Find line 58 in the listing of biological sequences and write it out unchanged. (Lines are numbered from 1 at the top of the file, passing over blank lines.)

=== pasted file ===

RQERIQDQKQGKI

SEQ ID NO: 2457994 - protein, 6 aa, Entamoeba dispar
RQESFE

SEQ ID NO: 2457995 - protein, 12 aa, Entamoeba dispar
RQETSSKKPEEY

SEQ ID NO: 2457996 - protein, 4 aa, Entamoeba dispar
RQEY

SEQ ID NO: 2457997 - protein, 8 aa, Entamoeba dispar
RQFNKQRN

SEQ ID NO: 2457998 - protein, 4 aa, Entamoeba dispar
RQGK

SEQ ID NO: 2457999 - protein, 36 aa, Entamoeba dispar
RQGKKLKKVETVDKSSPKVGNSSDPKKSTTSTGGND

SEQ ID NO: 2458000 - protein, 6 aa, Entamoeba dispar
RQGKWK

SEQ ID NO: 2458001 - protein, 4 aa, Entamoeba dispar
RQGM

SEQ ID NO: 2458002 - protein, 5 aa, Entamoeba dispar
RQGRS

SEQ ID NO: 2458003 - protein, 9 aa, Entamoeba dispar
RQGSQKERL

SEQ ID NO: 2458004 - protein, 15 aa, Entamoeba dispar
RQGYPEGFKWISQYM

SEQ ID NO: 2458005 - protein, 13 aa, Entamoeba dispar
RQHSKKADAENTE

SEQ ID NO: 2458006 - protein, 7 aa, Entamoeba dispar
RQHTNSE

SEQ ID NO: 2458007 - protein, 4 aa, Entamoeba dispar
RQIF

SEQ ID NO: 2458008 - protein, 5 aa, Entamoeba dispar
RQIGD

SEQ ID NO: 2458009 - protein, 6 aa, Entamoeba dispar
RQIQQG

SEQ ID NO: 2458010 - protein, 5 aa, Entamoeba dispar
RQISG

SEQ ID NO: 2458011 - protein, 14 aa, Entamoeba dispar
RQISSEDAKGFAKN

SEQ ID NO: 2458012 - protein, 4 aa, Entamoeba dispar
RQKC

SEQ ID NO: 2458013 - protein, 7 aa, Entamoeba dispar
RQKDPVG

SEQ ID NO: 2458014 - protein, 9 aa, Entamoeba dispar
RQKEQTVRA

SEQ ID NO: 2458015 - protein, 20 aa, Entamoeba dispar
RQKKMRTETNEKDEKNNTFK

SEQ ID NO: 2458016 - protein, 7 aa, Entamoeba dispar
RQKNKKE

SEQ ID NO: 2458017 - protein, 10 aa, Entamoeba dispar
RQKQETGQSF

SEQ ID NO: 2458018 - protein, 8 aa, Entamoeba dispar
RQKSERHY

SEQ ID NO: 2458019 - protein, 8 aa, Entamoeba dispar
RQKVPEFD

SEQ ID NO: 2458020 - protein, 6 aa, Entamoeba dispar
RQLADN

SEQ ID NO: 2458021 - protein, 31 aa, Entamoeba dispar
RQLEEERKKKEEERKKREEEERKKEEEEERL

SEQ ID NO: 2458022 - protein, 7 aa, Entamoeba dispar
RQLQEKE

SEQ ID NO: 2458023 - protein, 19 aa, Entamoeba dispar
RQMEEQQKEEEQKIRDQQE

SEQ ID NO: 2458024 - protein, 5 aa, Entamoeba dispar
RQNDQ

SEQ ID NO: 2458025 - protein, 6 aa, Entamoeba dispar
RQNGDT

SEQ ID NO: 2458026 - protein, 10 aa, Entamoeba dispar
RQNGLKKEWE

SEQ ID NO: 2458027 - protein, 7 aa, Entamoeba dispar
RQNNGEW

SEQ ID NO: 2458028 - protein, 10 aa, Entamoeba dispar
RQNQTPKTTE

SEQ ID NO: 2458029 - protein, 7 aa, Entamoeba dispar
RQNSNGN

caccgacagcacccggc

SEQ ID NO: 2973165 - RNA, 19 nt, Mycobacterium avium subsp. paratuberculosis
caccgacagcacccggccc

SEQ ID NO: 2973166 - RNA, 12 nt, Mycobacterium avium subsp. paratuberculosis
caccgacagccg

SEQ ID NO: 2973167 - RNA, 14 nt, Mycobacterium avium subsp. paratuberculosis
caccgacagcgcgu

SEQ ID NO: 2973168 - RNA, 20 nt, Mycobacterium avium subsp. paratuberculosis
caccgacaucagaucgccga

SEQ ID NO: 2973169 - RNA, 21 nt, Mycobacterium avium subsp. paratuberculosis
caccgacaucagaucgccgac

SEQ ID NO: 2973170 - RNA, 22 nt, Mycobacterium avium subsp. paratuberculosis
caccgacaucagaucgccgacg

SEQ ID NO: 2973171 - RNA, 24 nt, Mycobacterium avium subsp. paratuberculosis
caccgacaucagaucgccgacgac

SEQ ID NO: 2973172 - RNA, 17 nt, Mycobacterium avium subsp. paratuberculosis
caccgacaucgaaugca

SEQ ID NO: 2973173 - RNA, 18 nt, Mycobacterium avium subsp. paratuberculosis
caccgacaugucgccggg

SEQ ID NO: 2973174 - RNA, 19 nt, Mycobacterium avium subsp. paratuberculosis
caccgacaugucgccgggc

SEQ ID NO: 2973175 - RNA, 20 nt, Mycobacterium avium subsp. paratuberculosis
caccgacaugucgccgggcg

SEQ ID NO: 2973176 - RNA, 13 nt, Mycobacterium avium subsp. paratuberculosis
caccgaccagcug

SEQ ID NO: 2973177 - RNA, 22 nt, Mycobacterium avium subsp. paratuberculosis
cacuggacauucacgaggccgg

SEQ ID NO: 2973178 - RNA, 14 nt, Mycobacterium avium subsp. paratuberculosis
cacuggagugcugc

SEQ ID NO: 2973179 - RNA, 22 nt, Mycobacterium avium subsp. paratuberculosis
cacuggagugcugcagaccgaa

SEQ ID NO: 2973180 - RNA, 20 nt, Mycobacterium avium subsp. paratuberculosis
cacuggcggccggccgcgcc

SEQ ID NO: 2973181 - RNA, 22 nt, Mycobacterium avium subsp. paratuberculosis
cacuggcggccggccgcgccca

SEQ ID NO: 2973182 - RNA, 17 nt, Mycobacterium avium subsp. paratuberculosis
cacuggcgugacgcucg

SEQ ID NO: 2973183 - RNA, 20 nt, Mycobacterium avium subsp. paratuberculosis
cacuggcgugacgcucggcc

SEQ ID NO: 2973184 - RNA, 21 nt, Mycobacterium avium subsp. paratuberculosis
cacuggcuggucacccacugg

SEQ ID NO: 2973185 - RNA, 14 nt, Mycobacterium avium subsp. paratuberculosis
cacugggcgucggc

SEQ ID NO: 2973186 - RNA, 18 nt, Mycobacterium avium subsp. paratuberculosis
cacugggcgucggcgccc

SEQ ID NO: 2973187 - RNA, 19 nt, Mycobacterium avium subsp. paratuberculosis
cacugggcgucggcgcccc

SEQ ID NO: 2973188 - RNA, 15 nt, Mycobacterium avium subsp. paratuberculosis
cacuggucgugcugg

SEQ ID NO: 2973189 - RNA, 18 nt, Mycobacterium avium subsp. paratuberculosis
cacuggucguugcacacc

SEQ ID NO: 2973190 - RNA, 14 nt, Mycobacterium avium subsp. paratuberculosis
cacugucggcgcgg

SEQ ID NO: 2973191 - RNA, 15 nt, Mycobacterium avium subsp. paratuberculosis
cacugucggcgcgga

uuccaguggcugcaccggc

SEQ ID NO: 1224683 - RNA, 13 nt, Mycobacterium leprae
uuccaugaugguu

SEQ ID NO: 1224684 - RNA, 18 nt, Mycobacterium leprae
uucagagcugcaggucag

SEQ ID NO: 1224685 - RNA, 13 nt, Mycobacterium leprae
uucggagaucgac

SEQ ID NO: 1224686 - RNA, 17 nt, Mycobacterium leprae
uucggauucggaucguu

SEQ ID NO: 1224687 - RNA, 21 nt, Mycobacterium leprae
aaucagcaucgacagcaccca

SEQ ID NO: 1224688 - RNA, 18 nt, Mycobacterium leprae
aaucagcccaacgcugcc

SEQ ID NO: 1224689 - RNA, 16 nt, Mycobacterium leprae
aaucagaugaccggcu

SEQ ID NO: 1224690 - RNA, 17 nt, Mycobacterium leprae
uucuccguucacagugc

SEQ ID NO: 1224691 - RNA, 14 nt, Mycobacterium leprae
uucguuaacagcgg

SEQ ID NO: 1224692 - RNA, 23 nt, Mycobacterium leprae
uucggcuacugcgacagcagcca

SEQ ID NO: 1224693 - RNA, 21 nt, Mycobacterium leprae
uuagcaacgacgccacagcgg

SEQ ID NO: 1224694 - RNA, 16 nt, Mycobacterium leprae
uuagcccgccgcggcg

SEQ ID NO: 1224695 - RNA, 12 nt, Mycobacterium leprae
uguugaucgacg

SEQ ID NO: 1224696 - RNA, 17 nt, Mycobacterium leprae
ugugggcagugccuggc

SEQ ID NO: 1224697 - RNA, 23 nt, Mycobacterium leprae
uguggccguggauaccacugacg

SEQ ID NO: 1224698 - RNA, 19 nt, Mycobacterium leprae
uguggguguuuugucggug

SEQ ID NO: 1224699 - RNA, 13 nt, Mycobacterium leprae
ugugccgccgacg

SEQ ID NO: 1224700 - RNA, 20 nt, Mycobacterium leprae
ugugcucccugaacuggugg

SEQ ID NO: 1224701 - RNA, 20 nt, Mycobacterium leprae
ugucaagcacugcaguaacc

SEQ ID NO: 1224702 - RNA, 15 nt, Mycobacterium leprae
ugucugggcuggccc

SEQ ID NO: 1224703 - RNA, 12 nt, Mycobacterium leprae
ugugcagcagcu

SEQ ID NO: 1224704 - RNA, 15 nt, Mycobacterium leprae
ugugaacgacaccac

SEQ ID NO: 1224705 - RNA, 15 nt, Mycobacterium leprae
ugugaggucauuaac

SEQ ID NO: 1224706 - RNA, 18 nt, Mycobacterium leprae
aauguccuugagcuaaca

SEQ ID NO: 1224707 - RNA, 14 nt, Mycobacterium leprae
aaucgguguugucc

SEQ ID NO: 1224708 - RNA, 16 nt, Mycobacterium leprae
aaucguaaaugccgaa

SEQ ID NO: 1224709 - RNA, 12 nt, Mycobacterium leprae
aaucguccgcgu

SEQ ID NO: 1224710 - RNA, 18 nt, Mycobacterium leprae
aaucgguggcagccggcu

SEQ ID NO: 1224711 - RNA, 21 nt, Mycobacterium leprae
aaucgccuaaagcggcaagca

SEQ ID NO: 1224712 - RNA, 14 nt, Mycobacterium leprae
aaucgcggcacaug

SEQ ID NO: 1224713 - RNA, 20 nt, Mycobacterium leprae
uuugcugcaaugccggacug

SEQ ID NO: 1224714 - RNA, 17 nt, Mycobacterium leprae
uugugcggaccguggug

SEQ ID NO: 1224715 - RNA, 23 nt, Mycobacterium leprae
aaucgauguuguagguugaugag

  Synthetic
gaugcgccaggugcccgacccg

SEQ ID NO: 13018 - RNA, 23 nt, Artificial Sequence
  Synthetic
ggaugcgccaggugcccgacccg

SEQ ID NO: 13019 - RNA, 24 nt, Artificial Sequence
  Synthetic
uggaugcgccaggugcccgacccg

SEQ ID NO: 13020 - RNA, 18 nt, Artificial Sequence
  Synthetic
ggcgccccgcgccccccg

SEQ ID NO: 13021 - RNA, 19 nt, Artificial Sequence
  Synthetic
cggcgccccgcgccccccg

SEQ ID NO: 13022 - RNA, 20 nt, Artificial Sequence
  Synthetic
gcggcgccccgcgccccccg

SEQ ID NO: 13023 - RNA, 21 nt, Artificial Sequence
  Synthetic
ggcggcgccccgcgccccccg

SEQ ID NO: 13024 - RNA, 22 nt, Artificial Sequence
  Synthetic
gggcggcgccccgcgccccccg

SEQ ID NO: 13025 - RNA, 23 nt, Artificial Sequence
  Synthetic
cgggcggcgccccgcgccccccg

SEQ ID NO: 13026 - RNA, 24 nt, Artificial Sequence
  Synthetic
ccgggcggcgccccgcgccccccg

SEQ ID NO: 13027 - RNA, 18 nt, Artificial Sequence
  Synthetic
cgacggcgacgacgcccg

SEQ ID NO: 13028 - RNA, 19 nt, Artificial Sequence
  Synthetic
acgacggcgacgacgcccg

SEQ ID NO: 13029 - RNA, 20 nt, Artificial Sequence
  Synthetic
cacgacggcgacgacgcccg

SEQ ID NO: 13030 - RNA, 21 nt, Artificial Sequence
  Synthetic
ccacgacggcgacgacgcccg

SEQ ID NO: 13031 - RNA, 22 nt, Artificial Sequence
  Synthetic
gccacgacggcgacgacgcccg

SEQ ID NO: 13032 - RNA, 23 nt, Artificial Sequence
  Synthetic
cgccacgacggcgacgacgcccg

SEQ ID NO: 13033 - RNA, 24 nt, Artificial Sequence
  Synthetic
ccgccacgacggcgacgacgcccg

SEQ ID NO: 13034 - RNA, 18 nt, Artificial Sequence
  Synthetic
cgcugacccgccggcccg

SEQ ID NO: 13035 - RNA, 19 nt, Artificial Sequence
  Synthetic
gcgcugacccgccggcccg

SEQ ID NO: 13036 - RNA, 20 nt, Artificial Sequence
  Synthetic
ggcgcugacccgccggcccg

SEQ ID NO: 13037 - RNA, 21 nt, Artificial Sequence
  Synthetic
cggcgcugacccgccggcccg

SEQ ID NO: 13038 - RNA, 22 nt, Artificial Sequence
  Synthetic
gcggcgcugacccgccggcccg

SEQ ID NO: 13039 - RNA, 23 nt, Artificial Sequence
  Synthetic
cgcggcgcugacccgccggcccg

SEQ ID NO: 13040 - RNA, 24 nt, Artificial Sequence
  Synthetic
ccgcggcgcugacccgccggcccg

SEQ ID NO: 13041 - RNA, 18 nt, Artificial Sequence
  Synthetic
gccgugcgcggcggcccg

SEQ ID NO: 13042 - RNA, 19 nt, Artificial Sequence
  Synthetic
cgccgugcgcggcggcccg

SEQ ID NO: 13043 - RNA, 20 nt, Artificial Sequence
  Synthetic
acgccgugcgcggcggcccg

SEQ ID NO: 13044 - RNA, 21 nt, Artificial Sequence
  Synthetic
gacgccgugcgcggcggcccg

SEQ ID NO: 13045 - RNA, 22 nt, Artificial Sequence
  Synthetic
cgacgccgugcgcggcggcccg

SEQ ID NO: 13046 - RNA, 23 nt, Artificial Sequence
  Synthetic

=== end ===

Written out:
SEQ ID NO: 2458022 - protein, 7 aa, Entamoeba dispar